Urs Waefler
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In fact I do not need an analogy or an image. To be frank I understood the term dimension when I was 17 years old already. There are three dimensions, our consciousness can perceive these three dimension. After I thought about a fourth dimension - it is time. The fourth dimension is time, the fith dimension is the time in square, the sixth dimension is the time cubed. Some years later I studied physics at the Swiss Federal Institute of Technology Zurich, what I regognized when I was 17 years old is the basic of Albert Einstein's theory of relativity.

The term dimension in Java is abstract. I do not have any problems with this term. What I do not fully understand is the numbering.
Let me try to make it more clear: Initially there is: But it is not like that: My problem has more to do with the syntax, the notation.
 
Junilu Lacar
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To understand the notation, you need to be able to visualize the organization of the array that has been declared.

When you declare int[][] ia, that means you have something that looks like this:
ia[0]ia[1]...
int[] {...}int[] {...}...

So, the array ia can be initialized as { element0, element1, element2, ... }

Where element0, element1, element2, etc. are all int[]

Declaring and initializing like this:

gives you this:
ia[0]ia[1]ia[2]
int[] {1, 4}int[] {3}int[] {9, 8, 7}

So, when you reference ia[0][1], you are accessing the first int[] with the 0 index, which is {1, 4}, then accessing the second element of that array with the 1 index, which is the number 4.

The array you declared is called a jagged array because the nested arrays do not all have the same length. So, if you try to access ia[2][2], you'll be fine and that evaluates to 7. However, if you try to access ia[0][2], you'll get an IndexOutOfBoundsException because the array ia[0] only has 2 elements and the largest index you can use with it is 1 (for the second element).

Clear as mud yet?
 
Junilu Lacar
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Furthermore, you can treat each element of a nested array as you would any array. That is, if you have

Then you can do this:
 
Liutauras Vilda
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@OP
Reading all that, isn't clear exactly which parts confusing you most, so, will try to cover bit by bit some of them. Other guys already covered a lot, but might other phrases will give you different angle.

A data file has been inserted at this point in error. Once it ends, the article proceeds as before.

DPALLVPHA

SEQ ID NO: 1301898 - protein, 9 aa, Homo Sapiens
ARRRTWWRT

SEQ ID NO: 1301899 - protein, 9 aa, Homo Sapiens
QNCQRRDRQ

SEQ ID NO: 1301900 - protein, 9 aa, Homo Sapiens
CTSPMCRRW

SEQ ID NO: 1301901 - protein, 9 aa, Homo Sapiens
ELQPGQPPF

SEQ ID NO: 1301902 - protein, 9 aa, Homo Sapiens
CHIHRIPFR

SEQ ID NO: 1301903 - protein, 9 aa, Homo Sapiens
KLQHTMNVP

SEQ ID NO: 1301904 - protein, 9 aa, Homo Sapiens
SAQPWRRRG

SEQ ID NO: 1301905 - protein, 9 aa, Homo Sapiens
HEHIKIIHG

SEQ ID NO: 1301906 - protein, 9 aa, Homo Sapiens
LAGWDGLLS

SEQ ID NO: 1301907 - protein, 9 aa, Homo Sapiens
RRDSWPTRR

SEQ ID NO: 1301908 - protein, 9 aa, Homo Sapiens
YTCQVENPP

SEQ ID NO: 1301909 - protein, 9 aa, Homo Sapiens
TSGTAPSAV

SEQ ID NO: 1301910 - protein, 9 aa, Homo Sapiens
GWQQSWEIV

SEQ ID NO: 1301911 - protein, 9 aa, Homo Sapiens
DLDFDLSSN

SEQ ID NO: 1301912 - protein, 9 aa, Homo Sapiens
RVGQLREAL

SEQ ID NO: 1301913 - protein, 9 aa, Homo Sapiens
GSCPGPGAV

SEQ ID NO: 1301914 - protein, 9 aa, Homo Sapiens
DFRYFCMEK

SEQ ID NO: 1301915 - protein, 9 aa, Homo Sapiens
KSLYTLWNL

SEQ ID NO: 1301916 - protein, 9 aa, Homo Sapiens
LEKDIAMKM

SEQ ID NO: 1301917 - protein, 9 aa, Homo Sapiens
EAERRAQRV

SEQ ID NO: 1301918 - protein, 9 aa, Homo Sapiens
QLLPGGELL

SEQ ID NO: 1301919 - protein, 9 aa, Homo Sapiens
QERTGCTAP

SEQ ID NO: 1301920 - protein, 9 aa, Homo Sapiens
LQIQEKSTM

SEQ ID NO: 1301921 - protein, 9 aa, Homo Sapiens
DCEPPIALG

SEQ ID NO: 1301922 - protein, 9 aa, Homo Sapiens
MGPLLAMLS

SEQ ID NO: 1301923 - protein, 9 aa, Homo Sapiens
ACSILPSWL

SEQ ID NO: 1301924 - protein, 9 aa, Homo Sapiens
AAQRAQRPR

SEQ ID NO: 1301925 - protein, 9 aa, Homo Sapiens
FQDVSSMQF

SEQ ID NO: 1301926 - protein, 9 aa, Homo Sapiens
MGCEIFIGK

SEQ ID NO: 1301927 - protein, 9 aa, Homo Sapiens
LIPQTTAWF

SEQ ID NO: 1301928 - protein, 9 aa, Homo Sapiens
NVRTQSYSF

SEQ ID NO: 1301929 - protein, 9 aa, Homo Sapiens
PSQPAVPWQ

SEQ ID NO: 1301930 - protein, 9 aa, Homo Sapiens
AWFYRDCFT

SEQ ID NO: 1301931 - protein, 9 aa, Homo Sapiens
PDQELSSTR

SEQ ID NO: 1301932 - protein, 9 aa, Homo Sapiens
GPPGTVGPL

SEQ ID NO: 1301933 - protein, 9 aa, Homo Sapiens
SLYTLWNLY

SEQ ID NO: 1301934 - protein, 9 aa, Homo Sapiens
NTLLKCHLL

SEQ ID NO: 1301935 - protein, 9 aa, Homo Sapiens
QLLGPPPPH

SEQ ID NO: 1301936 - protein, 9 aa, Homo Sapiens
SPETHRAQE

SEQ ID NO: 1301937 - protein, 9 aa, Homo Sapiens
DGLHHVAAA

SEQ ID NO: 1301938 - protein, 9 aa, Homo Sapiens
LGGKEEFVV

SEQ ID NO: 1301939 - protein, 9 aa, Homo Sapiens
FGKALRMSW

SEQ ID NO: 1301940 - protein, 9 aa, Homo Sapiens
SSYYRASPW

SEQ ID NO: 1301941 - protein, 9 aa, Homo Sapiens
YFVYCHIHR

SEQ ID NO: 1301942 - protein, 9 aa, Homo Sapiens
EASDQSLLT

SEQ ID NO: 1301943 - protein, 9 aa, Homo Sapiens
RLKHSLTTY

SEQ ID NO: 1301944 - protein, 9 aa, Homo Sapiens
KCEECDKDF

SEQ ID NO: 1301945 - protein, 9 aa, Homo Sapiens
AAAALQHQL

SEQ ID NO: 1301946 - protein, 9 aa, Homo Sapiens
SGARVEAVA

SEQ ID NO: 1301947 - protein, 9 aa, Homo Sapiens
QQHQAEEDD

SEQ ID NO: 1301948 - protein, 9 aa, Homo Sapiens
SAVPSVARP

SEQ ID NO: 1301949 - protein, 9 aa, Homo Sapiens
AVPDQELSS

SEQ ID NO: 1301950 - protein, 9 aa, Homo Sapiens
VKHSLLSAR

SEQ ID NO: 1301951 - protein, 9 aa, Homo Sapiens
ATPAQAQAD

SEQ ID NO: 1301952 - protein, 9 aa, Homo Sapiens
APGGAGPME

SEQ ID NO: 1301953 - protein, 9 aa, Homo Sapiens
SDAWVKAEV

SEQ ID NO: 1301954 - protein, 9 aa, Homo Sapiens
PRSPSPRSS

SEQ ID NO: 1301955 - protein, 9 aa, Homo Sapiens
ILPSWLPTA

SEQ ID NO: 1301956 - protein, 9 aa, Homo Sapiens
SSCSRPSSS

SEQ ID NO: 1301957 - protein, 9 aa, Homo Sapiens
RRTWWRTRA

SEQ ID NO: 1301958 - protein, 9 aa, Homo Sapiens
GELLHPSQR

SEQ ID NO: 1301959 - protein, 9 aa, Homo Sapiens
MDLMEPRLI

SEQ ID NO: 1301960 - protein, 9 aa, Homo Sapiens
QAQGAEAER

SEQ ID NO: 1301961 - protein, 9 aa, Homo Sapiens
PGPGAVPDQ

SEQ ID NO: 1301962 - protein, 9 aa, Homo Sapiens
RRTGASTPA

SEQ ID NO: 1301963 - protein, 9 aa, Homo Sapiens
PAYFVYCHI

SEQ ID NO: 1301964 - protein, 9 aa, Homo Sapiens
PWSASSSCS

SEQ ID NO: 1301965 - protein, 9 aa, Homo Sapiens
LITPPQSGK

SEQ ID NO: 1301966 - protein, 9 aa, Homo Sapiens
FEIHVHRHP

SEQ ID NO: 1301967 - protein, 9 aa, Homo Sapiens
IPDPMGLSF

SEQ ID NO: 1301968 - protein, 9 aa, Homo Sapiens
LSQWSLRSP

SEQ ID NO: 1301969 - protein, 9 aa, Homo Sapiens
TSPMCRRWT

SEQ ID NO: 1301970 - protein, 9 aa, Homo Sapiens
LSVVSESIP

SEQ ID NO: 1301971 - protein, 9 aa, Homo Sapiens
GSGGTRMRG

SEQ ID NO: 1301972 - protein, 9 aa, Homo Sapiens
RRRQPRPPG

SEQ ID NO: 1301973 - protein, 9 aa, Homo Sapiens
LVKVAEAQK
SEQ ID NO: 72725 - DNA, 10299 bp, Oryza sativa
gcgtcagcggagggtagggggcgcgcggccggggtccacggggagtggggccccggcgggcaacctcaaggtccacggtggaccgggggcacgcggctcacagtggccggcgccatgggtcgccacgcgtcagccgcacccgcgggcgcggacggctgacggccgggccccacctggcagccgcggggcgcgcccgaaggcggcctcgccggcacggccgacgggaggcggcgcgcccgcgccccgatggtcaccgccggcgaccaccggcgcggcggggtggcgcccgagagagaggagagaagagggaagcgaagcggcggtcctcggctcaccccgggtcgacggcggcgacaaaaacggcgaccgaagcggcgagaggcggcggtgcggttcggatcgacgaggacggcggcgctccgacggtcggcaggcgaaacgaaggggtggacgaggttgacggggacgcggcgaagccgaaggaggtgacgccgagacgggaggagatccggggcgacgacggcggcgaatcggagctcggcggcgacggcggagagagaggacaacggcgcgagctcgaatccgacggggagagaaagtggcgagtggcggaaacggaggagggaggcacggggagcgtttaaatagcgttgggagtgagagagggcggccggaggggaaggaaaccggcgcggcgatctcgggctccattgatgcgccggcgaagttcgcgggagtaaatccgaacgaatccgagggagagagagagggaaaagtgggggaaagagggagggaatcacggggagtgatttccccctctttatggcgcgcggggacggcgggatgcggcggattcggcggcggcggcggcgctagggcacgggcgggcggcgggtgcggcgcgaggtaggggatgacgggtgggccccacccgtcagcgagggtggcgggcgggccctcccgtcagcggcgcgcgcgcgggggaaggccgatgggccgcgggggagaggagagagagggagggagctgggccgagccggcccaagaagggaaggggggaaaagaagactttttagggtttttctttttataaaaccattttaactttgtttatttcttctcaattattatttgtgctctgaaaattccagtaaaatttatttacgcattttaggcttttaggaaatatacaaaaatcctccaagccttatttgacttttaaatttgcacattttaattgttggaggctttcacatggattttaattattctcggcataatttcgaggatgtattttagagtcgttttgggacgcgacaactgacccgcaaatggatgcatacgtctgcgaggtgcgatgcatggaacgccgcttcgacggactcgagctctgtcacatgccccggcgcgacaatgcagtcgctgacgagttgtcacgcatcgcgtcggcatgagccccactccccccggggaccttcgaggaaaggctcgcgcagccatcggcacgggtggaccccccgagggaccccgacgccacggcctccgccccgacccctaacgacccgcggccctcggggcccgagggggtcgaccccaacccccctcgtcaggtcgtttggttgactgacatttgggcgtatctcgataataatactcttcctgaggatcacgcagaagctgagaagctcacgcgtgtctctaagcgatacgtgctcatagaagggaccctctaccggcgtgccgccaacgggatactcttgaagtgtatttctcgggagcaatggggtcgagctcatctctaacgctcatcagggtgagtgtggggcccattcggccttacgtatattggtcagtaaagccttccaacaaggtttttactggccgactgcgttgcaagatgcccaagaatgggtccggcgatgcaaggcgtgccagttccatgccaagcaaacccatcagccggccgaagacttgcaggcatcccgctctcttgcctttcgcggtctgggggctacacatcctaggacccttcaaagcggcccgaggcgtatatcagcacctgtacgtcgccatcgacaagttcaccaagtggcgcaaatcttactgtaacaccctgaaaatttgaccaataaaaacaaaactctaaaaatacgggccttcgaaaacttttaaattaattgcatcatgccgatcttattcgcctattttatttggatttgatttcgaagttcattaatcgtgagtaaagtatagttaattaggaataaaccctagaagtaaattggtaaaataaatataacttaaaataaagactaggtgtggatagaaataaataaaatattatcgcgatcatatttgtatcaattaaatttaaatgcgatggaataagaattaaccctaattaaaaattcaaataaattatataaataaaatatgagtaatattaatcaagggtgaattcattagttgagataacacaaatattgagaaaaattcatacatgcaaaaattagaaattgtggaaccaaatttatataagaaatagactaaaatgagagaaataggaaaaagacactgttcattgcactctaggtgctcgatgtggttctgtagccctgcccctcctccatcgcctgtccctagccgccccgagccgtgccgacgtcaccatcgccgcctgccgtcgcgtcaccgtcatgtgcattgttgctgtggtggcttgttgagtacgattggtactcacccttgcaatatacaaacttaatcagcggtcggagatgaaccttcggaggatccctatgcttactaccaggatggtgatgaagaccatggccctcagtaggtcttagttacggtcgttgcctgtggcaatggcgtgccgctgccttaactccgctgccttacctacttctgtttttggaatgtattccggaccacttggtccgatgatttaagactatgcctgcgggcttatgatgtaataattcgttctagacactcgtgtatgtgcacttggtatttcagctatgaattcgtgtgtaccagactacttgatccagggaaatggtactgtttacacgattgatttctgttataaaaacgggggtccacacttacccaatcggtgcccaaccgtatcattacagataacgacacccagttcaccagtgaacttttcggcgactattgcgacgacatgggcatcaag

The best way I think to understand multi dimensional arrays as you call them, is to use right terminology for a start, which is Array of Arrays, that gives pretty clear picture and intuitiveness in my opinion.
So how we can understand that?

1. Array of Arrays, to me means, there is an array, singular, not plural, which holds arrays:
int[][] A = new int[2][3];
So what you have here is, an array at first:
{...}

2. Now look to the other side, it defines how many elements it can hold:
int[][] A = new int[2][3];
So how you can look at it:
{something, something}

3. Let's move on, lunch will come that way soon, you see another pair of [], that says that those two elements are arrays:
int[][] A = new int[2][3];
So now you know that something is an array, so you have:
{{...}, {...}}

4. Next, you look again, how many elements it has, look to the right:
int[][] A = new int[2][3];
{{something, something, something}, {something, something, something}}

5. What you have in place of something? Well, no more pairs of [], you have defined data type int, so ints are there:
int[][] A = new int[2][3];
{{1, 2, 3}, {1, 2, 3}}

----------------------------------------

Now how you access them, simple enough.

So, once you specify:
A[0]
It gives you outer/top level so to speak array element, it returns something what you had at step 2, which is something, but from step 3 you know that something is an array of int's. So if you want to assign this value to something, you need to declare as an array:
int[] B = A[0];
And what you get is
{{1, 2, 3}, {1, 2, 3}}

Now, if you specify:
A[0][1]
Gets intuitive, isn't it? You know what you got from A[0] was an array, so the number from second pair of [] gives you A[0][1]
{{1, 2, 3}, {1, 2, 3}}

Imagine there were:
int[][][] C = new int[2][3][3];
That would be as simple as:
{ { {1, 2, 3}, {1, 2, 3}, {1, 2, 4} }, { {1, 2, 3}, {1, 2, 3}, {1, 2, 4} } }

And again, if you'd write C[0], you'd get outer array first element, out of two existing.
int[][][] C = new int[2][3][3];
{ { something, something, something }, { {1, 2, 3}, {1, 2, 3}, {1, 2, 4} } }

I used something to have less {}, but you know already, that those something are arrays too.

Got a bit long with all that.

I hope clear?

One more time, lets choose random indices C[1][2][0], so what we get?
C[1][2][0]
{{ something, something, something }, { {1, 2, 3}, {1, 2, 3}, {1, 2, 4} } }

Next:
C[1][2][0]
{{ something, something, something }, { {1, 2, 3}, {1, 2, 3}, {1, 2, 4} } }

Next:
C[1][2][0]
{{ something, something, something }, { {1, 2, 3}, {1, 2, 3}, {1, 2, 4} } }

We are done

 
Junilu Lacar